Biodiversity is a term used to describe the variety of life on earth. The concept of Biodiversity (as agreed by international convention) encompasses diversity of all plant, animal, fungi and microbial species as well as the genetic diversity that exists within these species on a local level. Biodiversity also includes the many and varied associations of these organisms in ecological complexes and ecosystems.
Biodiversity is all around us, in towns and gardens as well as in the countryside. We all have a part to play to protect biodiversity and the integrity of our environment. Individuals in their lifestyle choices and practically in their gardens can make a real contribution. Businesses and public organisations now have a duty of care to consider biodiversity as part of sustainable social and economic development. One simple and practical way in which both individuals and organisations can promote biodiversity is to sow wild seed.
Why does biodiversity matter?
Human activity is causing the loss of species and ecosystems at an unprecedented rate. This loss of biodiversity has significant impacts on ecosystem functions and services, as well as on human well-being. Biodiversity is intricately interdependent on all other life; the loss of any part of the network of life can produce knock on effects through the whole life-support system. Systems that are rich in species and genetic diversity are generally more resilient and more able to adapt to change whether locally or globally, natural or man-made (as with climate change).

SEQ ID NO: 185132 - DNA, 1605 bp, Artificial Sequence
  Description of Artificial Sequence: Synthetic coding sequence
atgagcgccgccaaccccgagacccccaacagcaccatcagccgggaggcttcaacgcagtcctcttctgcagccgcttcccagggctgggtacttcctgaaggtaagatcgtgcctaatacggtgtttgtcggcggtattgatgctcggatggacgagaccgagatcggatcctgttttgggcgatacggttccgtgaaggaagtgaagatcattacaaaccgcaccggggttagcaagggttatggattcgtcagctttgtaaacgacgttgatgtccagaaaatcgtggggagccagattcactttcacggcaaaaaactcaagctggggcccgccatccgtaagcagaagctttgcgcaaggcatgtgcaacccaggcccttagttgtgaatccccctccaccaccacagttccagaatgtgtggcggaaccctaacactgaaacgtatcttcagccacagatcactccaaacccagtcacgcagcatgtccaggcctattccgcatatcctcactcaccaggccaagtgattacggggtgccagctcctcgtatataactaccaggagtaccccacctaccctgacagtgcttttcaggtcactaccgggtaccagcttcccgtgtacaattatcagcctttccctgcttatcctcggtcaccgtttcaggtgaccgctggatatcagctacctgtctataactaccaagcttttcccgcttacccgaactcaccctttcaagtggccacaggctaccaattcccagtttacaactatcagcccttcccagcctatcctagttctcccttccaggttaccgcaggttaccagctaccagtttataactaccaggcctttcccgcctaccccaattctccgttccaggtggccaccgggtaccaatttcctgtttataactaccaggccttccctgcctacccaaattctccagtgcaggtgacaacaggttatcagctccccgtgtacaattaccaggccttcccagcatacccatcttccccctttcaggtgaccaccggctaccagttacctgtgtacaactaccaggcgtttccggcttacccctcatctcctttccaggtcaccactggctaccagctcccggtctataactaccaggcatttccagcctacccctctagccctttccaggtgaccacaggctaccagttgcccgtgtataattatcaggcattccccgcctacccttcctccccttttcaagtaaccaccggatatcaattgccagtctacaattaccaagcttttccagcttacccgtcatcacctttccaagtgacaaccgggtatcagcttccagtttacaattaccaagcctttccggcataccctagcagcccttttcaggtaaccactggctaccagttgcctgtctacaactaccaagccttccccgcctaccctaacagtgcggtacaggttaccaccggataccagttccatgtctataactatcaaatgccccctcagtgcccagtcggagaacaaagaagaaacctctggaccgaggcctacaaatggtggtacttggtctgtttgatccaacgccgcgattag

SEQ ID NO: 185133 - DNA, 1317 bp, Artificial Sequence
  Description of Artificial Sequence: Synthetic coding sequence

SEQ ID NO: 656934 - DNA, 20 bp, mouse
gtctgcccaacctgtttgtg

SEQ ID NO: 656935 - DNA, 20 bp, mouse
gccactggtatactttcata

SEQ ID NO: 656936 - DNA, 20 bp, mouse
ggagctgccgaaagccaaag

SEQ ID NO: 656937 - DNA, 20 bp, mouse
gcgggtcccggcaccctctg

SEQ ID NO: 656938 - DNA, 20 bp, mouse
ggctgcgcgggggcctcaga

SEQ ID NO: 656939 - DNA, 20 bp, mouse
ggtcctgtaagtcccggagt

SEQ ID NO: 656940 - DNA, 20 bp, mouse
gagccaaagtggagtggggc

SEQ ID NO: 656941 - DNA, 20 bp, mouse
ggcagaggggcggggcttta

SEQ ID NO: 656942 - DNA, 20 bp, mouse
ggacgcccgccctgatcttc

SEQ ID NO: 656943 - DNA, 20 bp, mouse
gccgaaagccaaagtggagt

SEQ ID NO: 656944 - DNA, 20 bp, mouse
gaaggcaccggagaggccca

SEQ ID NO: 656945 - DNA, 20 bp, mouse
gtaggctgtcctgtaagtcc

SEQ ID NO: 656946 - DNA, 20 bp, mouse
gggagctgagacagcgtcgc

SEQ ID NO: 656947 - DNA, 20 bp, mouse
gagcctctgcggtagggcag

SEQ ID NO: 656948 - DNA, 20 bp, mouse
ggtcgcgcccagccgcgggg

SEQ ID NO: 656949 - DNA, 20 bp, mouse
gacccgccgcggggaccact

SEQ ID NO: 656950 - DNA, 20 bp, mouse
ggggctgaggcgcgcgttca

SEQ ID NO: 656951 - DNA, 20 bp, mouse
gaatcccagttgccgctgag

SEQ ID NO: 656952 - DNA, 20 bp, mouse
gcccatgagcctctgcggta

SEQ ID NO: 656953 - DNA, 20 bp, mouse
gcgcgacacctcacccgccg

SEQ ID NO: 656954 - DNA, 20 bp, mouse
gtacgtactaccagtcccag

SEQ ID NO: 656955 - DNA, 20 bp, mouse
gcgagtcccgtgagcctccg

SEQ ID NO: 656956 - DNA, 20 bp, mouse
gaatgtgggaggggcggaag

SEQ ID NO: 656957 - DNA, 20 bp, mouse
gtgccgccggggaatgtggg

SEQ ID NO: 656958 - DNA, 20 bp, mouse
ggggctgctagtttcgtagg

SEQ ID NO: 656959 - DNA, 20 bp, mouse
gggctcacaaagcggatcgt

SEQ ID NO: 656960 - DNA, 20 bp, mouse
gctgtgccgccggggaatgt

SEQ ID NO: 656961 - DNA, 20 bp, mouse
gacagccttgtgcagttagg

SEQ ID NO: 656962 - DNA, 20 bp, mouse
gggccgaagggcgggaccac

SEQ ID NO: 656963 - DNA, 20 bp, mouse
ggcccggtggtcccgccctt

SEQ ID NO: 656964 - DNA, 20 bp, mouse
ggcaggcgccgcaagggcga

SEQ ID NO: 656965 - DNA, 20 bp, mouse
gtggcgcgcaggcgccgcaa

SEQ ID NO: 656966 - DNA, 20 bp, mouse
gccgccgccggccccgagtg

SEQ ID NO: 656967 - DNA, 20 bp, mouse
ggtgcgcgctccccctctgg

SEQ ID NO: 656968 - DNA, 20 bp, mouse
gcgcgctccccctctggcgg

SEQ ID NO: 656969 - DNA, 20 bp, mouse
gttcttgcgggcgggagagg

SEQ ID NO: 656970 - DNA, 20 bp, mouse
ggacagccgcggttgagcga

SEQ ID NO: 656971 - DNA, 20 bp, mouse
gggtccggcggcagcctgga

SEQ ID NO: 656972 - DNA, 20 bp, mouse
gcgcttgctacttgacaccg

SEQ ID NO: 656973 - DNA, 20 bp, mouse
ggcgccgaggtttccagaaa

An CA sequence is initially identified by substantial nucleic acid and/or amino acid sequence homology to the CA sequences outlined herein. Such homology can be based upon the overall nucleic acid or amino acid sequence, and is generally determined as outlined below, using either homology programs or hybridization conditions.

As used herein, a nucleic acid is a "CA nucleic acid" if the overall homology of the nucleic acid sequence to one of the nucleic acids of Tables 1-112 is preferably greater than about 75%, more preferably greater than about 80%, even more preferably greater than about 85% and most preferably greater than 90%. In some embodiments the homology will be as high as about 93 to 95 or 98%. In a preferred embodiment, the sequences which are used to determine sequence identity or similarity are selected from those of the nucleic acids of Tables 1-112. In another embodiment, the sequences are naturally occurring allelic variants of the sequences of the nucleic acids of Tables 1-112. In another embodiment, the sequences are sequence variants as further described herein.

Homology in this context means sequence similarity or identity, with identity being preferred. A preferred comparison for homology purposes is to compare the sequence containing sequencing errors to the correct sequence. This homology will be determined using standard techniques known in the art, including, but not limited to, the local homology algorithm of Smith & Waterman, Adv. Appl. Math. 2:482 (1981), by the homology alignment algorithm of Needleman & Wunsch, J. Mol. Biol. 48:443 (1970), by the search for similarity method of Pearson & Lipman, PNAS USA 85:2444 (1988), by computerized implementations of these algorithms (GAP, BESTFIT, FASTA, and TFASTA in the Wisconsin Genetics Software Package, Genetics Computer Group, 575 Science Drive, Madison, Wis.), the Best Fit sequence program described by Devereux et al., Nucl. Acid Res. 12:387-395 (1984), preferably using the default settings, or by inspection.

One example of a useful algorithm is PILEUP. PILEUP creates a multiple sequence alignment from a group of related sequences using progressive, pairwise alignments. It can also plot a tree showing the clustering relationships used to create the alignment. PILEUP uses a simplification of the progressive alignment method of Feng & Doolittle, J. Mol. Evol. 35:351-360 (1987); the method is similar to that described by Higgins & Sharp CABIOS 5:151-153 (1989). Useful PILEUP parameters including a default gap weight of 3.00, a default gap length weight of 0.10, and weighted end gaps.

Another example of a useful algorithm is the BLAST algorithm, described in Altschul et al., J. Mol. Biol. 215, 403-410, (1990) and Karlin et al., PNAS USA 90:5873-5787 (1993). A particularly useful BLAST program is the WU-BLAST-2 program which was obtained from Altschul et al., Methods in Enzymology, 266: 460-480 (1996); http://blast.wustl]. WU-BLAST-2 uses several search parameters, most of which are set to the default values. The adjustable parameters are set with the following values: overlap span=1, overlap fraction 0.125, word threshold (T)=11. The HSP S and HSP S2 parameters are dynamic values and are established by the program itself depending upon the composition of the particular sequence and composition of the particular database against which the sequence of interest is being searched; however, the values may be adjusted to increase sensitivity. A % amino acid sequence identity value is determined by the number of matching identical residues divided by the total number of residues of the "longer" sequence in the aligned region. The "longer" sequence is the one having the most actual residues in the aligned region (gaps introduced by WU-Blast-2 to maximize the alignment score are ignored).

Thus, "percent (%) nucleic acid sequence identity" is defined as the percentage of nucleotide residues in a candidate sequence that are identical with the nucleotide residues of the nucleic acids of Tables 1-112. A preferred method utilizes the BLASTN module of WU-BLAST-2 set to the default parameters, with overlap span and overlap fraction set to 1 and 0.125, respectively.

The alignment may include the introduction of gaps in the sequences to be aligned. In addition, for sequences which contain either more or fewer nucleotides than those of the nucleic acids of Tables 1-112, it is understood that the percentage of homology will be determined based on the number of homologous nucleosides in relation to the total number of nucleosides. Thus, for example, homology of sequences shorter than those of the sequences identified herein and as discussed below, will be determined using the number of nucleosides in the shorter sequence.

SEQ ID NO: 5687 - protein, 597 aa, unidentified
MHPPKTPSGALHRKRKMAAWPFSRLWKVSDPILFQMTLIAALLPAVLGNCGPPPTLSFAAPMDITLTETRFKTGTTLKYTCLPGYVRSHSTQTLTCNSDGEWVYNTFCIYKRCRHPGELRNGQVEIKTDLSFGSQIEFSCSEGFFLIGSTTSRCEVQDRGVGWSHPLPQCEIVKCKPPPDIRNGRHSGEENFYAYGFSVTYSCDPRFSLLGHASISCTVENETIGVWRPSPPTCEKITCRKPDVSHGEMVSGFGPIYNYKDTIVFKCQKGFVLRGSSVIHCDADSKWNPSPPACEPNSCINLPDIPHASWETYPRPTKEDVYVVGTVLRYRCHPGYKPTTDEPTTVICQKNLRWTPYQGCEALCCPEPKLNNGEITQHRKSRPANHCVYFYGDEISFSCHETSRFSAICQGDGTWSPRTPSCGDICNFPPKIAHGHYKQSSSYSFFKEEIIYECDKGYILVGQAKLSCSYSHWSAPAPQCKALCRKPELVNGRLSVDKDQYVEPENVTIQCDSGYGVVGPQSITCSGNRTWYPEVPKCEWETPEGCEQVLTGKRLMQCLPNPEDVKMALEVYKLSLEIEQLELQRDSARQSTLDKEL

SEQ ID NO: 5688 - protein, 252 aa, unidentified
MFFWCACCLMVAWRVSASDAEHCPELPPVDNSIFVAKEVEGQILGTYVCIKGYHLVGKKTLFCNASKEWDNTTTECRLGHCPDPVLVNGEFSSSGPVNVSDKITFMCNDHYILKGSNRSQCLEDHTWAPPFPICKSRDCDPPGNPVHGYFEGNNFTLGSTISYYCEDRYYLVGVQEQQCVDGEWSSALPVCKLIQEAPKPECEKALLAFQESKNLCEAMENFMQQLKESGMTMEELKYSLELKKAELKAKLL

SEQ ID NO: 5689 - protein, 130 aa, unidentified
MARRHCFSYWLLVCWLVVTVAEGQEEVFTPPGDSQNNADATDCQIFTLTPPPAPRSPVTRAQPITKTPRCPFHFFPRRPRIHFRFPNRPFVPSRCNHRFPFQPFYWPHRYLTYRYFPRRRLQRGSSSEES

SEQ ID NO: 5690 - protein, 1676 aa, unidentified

Sowing seed and good management can enhance the biodiversity of individual sites. When many schemes link up they combine to create a resource of greater value than the sum of its parts. Meadows and wildlife areas created in gardens can, for example, be linked by road verges landscaped with wild flowers to similarly enriched field margins around farm crops. This network of connected habitats, once established, will become an invaluable resource boosting, amongst other things, the number and diversity of pollinating insects upon which our food crops depend.
The ground breaking UK National Ecosystem Assessment (NEA) published in June 2011 provides a comprehensive account of how the natural world, including its biodiversity, provides us with services that are critical to our wellbeing and economic prosperity. However, the NEA also showed that nature is consistently undervalued in decision-making and that many of the services we get from nature are in decline. Over 40% of priority habitats and 30% of priority species were declining in the most recent analysis.
In October 2010 in Nagoya, Japan, over 190 countries around the world reached an historic global agreement to take urgent action to halt the loss of biodiversity. This agreement recognised just how important our wildlife and ecosystems are for sustaining a healthy planet and for delivering essential
benefits for people.